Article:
Need help planning weekend in Chicago!
I have a friend coming in from New York to visit Chicago for the first time this weekend. I want to make the most of his trip here because we're celebrating his birthday, but I'm horribly indecisive and of course, want him to try EVERYTHING. Impossible. So I beseech all you fantastic folk out there to help narrow things down. He gets in at 3 on Friday and we'll be staying at the Hotel Monaco (Wabash and Wacker) but I don't mind driving around. Here's kind of a vague idea I have for the weekend.
- Early cocktails at C-View or Cityscape (something with a good view I thought would be a nice first glimpse of the city....any other good places for that at that time?)
- Dinner at Spring (he wants to spend 100-150 a head, but he doesn't want to wear a dinner jacket. Something "modern" but not necessarily haute, which I have no idea what that translates to for him, but he likes fusion foods -nothing like Alinea :(- but alternative ideas are welcome
-late show at 2nd city
-Thinking drinks at The Drawing Room to finish off the night
So Saturday is really what's tearing me apart. If we were to go everywhere I want, we would be comatose by 3.
-Breakfast/brunch at Big Jones or M. Henry (Between is closed for brunch til March!)
- I know this isn't food, but he's an Architecture buff and I'm an ignoramus in that department so any tour ideas? was thinking to take that hop on/off trolley bit, and that way I can hit up the Art Institute and other areas easily without being restricted.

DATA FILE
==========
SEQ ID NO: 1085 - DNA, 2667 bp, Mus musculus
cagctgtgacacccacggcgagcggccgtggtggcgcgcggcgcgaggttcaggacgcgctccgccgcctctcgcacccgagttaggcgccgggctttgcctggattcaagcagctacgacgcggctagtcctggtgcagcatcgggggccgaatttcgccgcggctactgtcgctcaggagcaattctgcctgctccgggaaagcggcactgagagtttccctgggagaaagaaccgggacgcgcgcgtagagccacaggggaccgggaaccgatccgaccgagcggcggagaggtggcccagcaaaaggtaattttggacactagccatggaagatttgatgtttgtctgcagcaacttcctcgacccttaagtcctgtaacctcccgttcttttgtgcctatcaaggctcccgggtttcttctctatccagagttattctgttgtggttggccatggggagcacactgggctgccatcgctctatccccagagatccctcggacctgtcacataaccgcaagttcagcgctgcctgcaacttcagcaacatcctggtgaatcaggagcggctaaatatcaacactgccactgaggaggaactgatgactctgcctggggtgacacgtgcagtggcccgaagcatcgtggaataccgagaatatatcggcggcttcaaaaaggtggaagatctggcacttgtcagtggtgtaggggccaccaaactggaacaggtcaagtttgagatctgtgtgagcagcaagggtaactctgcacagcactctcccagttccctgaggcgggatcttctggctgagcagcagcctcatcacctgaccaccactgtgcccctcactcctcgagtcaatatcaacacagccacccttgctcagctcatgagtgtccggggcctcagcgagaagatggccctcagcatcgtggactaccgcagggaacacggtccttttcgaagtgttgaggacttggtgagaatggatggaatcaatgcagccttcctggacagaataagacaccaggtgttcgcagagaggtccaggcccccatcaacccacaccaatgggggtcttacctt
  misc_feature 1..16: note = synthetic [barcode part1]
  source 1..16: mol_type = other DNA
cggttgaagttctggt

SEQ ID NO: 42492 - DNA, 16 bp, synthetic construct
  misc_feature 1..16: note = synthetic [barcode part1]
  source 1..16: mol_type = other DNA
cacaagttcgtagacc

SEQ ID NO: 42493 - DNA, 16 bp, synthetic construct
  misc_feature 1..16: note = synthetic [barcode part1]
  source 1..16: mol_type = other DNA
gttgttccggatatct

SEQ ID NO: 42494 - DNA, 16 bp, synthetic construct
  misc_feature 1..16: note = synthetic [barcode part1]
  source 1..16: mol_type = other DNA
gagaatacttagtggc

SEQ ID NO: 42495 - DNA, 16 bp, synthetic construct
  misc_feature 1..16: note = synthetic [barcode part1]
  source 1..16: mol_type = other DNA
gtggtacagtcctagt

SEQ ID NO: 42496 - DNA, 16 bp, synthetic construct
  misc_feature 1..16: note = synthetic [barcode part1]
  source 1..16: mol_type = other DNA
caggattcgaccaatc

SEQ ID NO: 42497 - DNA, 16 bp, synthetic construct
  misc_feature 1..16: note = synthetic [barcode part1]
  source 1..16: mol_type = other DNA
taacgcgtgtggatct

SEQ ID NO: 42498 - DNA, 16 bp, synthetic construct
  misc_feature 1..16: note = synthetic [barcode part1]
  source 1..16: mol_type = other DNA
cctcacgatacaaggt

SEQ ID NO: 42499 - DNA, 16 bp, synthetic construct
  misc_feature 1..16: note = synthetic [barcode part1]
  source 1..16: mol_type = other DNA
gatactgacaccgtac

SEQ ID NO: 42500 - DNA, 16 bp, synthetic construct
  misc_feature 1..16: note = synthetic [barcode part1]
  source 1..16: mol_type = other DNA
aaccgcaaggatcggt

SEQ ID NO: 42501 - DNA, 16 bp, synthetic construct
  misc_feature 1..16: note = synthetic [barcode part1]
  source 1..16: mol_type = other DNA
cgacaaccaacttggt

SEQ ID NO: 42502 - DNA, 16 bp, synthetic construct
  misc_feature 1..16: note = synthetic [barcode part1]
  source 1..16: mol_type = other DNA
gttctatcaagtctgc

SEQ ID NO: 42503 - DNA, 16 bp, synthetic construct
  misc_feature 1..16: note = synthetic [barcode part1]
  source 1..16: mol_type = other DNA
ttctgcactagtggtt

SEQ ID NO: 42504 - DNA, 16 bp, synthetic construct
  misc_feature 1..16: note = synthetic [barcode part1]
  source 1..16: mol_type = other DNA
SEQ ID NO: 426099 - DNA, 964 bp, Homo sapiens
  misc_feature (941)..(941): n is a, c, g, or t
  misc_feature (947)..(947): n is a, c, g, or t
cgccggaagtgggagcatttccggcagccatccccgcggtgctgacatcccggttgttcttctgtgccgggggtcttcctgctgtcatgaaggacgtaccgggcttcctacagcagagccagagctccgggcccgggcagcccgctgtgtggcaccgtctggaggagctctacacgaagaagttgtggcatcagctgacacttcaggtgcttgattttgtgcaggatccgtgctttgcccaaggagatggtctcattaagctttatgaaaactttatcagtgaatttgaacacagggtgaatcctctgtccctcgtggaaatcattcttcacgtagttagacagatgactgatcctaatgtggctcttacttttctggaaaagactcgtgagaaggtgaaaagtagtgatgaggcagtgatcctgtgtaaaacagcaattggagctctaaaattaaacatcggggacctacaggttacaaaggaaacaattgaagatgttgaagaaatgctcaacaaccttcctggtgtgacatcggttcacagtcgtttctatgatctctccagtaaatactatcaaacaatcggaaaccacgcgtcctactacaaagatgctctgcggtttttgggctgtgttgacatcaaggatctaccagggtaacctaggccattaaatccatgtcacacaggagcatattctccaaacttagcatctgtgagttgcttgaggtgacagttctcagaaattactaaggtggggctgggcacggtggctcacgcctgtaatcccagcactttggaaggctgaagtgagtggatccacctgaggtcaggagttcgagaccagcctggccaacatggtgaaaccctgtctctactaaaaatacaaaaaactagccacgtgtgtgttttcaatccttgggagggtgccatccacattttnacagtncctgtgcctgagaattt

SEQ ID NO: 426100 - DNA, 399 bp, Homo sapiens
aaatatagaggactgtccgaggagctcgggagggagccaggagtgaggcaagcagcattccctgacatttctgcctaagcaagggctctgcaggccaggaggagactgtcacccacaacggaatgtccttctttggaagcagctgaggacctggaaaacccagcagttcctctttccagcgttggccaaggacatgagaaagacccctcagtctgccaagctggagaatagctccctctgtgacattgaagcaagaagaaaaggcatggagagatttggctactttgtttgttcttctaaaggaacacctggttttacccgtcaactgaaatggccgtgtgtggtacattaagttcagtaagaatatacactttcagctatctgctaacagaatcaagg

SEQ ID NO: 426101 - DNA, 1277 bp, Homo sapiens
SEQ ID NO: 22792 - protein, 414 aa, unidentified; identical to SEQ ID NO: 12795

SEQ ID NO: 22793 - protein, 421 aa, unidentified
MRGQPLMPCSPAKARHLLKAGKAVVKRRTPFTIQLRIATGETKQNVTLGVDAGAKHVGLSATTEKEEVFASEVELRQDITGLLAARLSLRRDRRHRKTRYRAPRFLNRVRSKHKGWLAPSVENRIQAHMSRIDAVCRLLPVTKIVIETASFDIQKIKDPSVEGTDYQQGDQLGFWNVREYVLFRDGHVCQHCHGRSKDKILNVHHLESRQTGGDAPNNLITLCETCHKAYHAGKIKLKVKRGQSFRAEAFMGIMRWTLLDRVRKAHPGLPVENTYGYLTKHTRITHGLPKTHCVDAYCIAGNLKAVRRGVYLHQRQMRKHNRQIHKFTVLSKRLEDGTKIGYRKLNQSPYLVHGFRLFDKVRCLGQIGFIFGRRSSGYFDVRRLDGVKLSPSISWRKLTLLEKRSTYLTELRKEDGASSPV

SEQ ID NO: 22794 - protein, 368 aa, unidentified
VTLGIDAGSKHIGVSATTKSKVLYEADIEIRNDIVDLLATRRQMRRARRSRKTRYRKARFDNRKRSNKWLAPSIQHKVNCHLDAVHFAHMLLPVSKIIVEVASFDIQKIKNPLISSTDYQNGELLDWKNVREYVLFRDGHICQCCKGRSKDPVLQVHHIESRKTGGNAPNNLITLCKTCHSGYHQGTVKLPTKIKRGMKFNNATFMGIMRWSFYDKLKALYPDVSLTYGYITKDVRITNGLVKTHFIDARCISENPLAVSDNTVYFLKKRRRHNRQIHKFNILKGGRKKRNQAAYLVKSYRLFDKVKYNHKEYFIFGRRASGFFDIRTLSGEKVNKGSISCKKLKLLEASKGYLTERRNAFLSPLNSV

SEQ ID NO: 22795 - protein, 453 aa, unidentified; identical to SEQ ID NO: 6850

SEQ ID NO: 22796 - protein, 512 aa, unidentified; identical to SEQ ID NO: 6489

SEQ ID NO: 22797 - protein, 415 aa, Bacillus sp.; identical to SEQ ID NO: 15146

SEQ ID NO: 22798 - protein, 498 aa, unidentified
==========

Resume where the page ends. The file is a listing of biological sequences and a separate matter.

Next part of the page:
- Thinking Hot Dougs for lunch or saving that for a mid afternoon snack and trying Custom House or Cafe Spaggia
- What are good bars/pubs to visit during the day/afternoon in Chicago? I am thinking something lowkey, warm and friendly. Hopleaf is high on my list, but should I save that for after dinner?
-Publican or Avec for dinner.
-Where to go for post dinner drinks. Figure we'll jump to two or three places. And here are some ideas I've culled.
Nacional 27, Weegee's, The Hideout, Duke of Perth, The matchbox, The Chipp Inn, The California Clipper, Red Lion Pub, Bungalow, and potentially Hopleaf if not earlier in the day.
This whole itinerary is highly open for change and suggestion. Thanks everyone!
I would strongly recommend M. Henry as the brunch/breakfast choice. I just ate there over the weekend and I'm still thinking about their winter brunch plate...bacon and squash crepe...yummy...
But I digress. A trip out to Oak Park for some Frank Lloyd Wright action might be fun for an architecture buff! As for food, I've always been a big fan of Avec, but I tend to take people there later in the night (after 10) esp if we've been eating most of the day already. I probably wouldn't go there during the dinner hour since the wait would be annoying.
An alternative dinner selection for someone who likes "modern" food but not molecular gastronomy, and does not want to wear a jacket would be Perennial. We ate there 2 weeks ago and had an excellent meal. Dinner for 2, including 2 bottles of wine, before tip was about $200 -- right in your price range.
Also, if your friend is an architecture buff, you might want to try to work in breakfast or lunch at the Atwood Cafe in the Burnham Hotel. The restoration of that property is fabulous and the food quite good. You'll be in the vicinity if you do the Architecture Foundation tour, go to the Art Institute (a must for an architecture buff to see the old Board of Trade floor), or Millennium Park.